A few days ago, Drafts 3.0.6 was released with a couple of great features. The one that has caught my eyes is the new
[[line|n]] tag. It allows Drafts to parse your post into lines and use them as parameters for invoking other apps via URL Schemes.
In this post, I'd like to highlight how you can use the new tag to improve your existing workflows. Instead of focusing on the specific use cases and actions that are now made possible with the new tag, I will point out the general thinking that you can apply to your existing workflows to improve them.
Reduce the number of URL Actions required to perform the workflow
The obvious benefit of this is when you have three or more information that you need to parse. For example, in my Mail Later action, I specified three lines of information: the email recipient, the email subject, and the date/time when I want to be reminded. Previously, I had to use a trick of store the first line into the
[[clipboard]] and process the next two lines in a separate URL Action. Now, I can easily create a single action to perform this workflow:
Add more information to Dropbox and Evernote actions
You can also use the new
[[line|n]] tags to provide more information to your Dropbox or Evernote actions. For example, in my Logging Gas Fill Up Events` Dropbox action, I only included two user-generated information: the amount I paid and the price per gallon at the time I filled the gas. I've been wanting to log the current location data, but there are two reasons why it wasn't included in the previous version of my action.
The first reason was because I wanted Drafts or Launch Center Pro to provide that information using one of their built-in tags, but that hasn't happened yet. The other reason was because this Dropbox action was created before the
[[clipboard]] tag was introduced in Drafts 3.0. Creating a follow-up URL Action without the existence of the
[[clipboard]] tag is not really useful either.
Now that the new
[[line|n]] tags exist, I'm no longer limited to two or three user-generated information. I don't need to create additional URL Actions to parse the third and subsequent information either. Now, I can parse all these information using a single Dropbox action.
Here's an example of the new Dropbox action that includes location information and the current odometer status, in addition to the total amount paid and the price per gallon information:
[[time_short]] [[line|3]]: $[[line|1]] at $[[line|2]]/gallon; Odometer at [[line|4]] miles
Open this link if you want it installed on your iOS device automatically.
You can apply the same technique as you define your Evernote actions or when you want to send more than two user-generated parameters to another app that supports it.
Share different subsets of the same information to different Apps
Finally, I think the new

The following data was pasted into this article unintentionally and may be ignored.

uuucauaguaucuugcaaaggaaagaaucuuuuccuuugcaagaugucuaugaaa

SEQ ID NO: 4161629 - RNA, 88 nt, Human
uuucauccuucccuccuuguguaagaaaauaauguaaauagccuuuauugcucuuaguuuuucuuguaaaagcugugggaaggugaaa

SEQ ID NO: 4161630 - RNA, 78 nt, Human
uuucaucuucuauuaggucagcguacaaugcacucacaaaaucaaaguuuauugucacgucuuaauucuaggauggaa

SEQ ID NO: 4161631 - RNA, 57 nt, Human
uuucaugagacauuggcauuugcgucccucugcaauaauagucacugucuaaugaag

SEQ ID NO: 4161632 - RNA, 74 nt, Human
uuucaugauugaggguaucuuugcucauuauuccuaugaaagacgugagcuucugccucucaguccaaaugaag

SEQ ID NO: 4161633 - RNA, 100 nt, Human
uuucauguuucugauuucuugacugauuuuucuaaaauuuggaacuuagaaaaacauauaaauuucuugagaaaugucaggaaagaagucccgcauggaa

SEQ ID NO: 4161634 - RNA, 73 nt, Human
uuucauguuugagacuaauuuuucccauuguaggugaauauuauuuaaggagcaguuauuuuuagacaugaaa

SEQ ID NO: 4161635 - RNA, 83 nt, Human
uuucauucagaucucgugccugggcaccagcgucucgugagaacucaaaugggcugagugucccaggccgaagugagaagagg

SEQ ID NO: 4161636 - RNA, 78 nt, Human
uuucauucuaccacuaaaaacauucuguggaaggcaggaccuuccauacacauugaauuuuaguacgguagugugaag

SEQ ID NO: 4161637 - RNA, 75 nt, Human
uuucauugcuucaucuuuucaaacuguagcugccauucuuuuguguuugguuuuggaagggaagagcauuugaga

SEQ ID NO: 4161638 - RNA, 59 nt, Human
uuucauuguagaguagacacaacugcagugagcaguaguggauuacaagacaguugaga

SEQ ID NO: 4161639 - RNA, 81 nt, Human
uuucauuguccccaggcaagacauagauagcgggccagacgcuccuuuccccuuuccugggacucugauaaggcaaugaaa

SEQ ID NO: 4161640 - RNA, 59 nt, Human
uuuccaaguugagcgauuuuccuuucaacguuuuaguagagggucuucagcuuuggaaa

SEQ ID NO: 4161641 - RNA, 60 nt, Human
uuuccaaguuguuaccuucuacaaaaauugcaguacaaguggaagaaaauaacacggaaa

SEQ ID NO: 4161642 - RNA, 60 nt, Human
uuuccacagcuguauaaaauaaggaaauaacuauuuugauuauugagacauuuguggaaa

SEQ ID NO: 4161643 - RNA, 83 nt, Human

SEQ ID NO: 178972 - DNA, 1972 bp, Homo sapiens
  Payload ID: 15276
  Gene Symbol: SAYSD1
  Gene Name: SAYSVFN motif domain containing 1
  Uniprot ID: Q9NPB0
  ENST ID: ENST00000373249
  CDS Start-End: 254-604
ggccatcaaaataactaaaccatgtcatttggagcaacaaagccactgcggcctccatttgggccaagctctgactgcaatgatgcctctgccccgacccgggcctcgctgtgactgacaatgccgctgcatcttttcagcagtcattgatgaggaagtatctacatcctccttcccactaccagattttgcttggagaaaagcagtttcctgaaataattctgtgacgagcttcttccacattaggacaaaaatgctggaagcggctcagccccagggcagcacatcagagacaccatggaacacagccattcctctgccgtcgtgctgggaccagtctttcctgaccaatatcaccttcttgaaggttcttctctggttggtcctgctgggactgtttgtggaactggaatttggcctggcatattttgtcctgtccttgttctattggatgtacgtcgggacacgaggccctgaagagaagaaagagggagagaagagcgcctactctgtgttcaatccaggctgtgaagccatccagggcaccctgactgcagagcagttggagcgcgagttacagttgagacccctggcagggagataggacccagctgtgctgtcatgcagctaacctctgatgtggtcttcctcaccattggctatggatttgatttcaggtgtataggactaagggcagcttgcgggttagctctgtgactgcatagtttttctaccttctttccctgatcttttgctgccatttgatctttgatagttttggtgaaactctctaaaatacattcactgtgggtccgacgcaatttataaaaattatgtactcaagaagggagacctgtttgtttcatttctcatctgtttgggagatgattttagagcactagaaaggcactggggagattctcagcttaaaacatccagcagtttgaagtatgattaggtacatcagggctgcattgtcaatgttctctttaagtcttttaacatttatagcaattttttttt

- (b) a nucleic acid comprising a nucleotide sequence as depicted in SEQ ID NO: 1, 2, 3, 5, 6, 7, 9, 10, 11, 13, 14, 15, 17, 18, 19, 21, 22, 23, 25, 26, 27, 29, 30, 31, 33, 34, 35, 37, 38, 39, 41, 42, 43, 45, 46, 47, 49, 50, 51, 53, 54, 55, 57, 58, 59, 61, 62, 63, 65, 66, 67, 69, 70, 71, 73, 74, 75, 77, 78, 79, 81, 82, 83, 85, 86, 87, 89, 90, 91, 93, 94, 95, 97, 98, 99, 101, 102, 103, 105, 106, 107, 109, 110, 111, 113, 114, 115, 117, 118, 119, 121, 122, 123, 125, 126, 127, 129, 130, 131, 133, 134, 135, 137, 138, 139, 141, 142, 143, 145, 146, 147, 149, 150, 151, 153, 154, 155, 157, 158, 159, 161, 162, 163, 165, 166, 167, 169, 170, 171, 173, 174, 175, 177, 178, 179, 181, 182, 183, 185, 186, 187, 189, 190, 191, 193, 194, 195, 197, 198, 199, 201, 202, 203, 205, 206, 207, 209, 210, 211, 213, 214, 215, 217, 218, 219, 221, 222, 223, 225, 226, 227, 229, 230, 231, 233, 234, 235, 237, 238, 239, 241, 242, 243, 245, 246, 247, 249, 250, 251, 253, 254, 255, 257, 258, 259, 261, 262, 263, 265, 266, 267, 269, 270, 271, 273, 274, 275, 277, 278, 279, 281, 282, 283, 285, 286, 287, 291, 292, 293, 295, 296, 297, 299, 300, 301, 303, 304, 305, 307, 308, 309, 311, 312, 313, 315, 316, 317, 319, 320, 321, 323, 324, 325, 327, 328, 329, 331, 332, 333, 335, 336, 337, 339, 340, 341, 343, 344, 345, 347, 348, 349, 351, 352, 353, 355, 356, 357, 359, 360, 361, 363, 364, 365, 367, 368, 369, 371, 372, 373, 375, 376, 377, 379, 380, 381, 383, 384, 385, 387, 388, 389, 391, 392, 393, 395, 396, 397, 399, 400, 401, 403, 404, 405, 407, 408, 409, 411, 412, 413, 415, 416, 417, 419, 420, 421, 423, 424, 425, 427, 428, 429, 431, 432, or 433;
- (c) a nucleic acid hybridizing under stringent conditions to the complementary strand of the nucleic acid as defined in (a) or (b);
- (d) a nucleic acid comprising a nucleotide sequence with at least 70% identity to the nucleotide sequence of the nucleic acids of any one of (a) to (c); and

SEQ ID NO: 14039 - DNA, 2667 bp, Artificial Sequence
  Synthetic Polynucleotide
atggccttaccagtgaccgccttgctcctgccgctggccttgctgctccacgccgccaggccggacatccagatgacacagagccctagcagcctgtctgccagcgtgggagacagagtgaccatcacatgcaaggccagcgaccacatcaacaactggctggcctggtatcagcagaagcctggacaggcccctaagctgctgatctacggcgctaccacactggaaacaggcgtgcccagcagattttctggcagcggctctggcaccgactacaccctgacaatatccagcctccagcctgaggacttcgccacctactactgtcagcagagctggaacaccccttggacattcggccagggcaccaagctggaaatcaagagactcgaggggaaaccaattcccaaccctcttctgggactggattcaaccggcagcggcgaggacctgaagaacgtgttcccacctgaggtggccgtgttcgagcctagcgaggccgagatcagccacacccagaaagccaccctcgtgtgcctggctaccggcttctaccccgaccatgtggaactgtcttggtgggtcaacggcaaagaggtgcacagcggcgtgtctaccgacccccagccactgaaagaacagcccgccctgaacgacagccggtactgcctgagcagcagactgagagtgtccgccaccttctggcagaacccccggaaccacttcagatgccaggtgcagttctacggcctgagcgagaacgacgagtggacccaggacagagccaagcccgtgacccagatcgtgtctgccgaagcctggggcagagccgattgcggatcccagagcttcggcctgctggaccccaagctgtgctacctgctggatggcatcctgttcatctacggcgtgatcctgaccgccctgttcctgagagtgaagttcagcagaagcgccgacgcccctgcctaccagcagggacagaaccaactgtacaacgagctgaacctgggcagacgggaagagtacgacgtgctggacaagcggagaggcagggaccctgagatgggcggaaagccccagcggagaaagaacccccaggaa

[[line|n]] tags really excel when there are two (or more) apps that can use different subsets of the user-generated information written in the Drafts post. For example, you can send the first and second lines to Due, and the first and third lines to Tweetbot.
To illustrate my point, I will share about a workflow that I've been doing on a regular basis, related to iOS apps deals. For example, if I saw on Twitter that an app I've been eager to try has just dropped its price to free, I'd immediately download it and tell my close friends about it. But sometimes, I may not be able to download the app, due to Apple's 50 MB limit on downloading new apps over a 3G connection. That's why I created the Search App Later action to set up a reminder in Due complete with the App Store URL to search for that app when I'm ready.
With the introduction of
[[line|n]] tags, I can now create a three-lines Drafts post containing the following information: the app name, the date/time when I want to be reminded, and a list of my close friends' Twitter handles.
This action would create a new reminder in Due, and a new tweet mentioning my friends to download the app. Open this link if you want it installed on your iOS device automatically.
[[line|n]] tag is a great step-up in terms of ease of parsing user-generated information and sending more parameters to your actions or other apps. It has also made sharing different subsets of the same user-generated information between two or more apps easier, thus enabling a new kind of actions to be created in Drafts. In the next few days, I will share about a couple of interesting use cases that utilise this information sharing.
On the other hand, while the new
[[line|n]] tag in Drafts is excellent for parsing three or more unique information, it's not really suitable for parsing an arbitrary number of similar information, such as multiple lines of events or reminders. If you have such a need, you might be better of using recursive techniques as what I've written previously.
To find my other workflows, please visit my Productivity and Workflows blog.